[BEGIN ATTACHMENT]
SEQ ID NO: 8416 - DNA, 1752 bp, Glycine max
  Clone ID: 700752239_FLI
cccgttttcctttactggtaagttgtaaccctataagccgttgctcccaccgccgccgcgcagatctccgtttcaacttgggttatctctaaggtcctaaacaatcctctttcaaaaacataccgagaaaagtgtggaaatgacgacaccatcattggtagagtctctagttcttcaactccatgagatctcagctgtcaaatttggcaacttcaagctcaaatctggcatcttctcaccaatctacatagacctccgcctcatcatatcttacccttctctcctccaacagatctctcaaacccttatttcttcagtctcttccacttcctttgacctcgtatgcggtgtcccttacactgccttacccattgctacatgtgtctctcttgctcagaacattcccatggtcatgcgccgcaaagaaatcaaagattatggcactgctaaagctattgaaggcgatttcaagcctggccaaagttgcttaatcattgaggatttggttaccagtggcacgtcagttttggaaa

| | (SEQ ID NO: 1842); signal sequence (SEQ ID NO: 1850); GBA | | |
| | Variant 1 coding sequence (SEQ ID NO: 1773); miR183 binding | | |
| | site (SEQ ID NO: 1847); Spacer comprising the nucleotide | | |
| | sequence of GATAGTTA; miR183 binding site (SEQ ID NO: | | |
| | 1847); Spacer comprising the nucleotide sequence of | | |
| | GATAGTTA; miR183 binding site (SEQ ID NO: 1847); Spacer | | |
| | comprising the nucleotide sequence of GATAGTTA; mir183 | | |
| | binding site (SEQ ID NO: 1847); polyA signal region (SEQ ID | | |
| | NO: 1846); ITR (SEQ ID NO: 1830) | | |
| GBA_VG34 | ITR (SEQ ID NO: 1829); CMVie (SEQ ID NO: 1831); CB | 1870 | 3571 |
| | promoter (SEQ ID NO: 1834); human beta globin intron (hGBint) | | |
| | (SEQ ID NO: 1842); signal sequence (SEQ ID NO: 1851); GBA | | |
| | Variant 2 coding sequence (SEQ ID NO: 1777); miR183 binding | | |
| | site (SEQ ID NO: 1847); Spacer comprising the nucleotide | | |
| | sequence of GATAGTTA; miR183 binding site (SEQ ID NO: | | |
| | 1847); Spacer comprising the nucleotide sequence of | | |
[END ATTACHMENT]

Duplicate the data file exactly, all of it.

SEQ ID NO: 8416 - DNA, 1752 bp, Glycine max
  Clone ID: 700752239_FLI
cccgttttcctttactggtaagttgtaaccctataagccgttgctcccaccgccgccgcgcagatctccgtttcaacttgggttatctctaaggtcctaaacaatcctctttcaaaaacataccgagaaaagtgtggaaatgacgacaccatcattggtagagtctctagttcttcaactccatgagatctcagctgtcaaatttggcaacttcaagctcaaatctggcatcttctcaccaatctacatagacctccgcctcatcatatcttacccttctctcctccaacagatctctcaaacccttatttcttcagtctcttccacttcctttgacctcgtatgcggtgtcccttacactgccttacccattgctacatgtgtctctcttgctcagaacattcccatggtcatgcgccgcaaagaaatcaaagattatggcactgctaaagctattgaaggcgatttcaagcctggccaaagttgcttaatcattgaggatttggttaccagtggcacgtcagttttggaaa

| | (SEQ ID NO: 1842); signal sequence (SEQ ID NO: 1850); GBA | | |
| | Variant 1 coding sequence (SEQ ID NO: 1773); miR183 binding | | |
| | site (SEQ ID NO: 1847); Spacer comprising the nucleotide | | |
| | sequence of GATAGTTA; miR183 binding site (SEQ ID NO: | | |
| | 1847); Spacer comprising the nucleotide sequence of | | |
| | GATAGTTA; miR183 binding site (SEQ ID NO: 1847); Spacer | | |
| | comprising the nucleotide sequence of GATAGTTA; mir183 | | |
| | binding site (SEQ ID NO: 1847); polyA signal region (SEQ ID | | |
| | NO: 1846); ITR (SEQ ID NO: 1830) | | |
| GBA_VG34 | ITR (SEQ ID NO: 1829); CMVie (SEQ ID NO: 1831); CB | 1870 | 3571 |
| | promoter (SEQ ID NO: 1834); human beta globin intron (hGBint) | | |
| | (SEQ ID NO: 1842); signal sequence (SEQ ID NO: 1851); GBA | | |
| | Variant 2 coding sequence (SEQ ID NO: 1777); miR183 binding | | |
| | site (SEQ ID NO: 1847); Spacer comprising the nucleotide | | |
| | sequence of GATAGTTA; miR183 binding site (SEQ ID NO: | | |
| | 1847); Spacer comprising the nucleotide sequence of | | |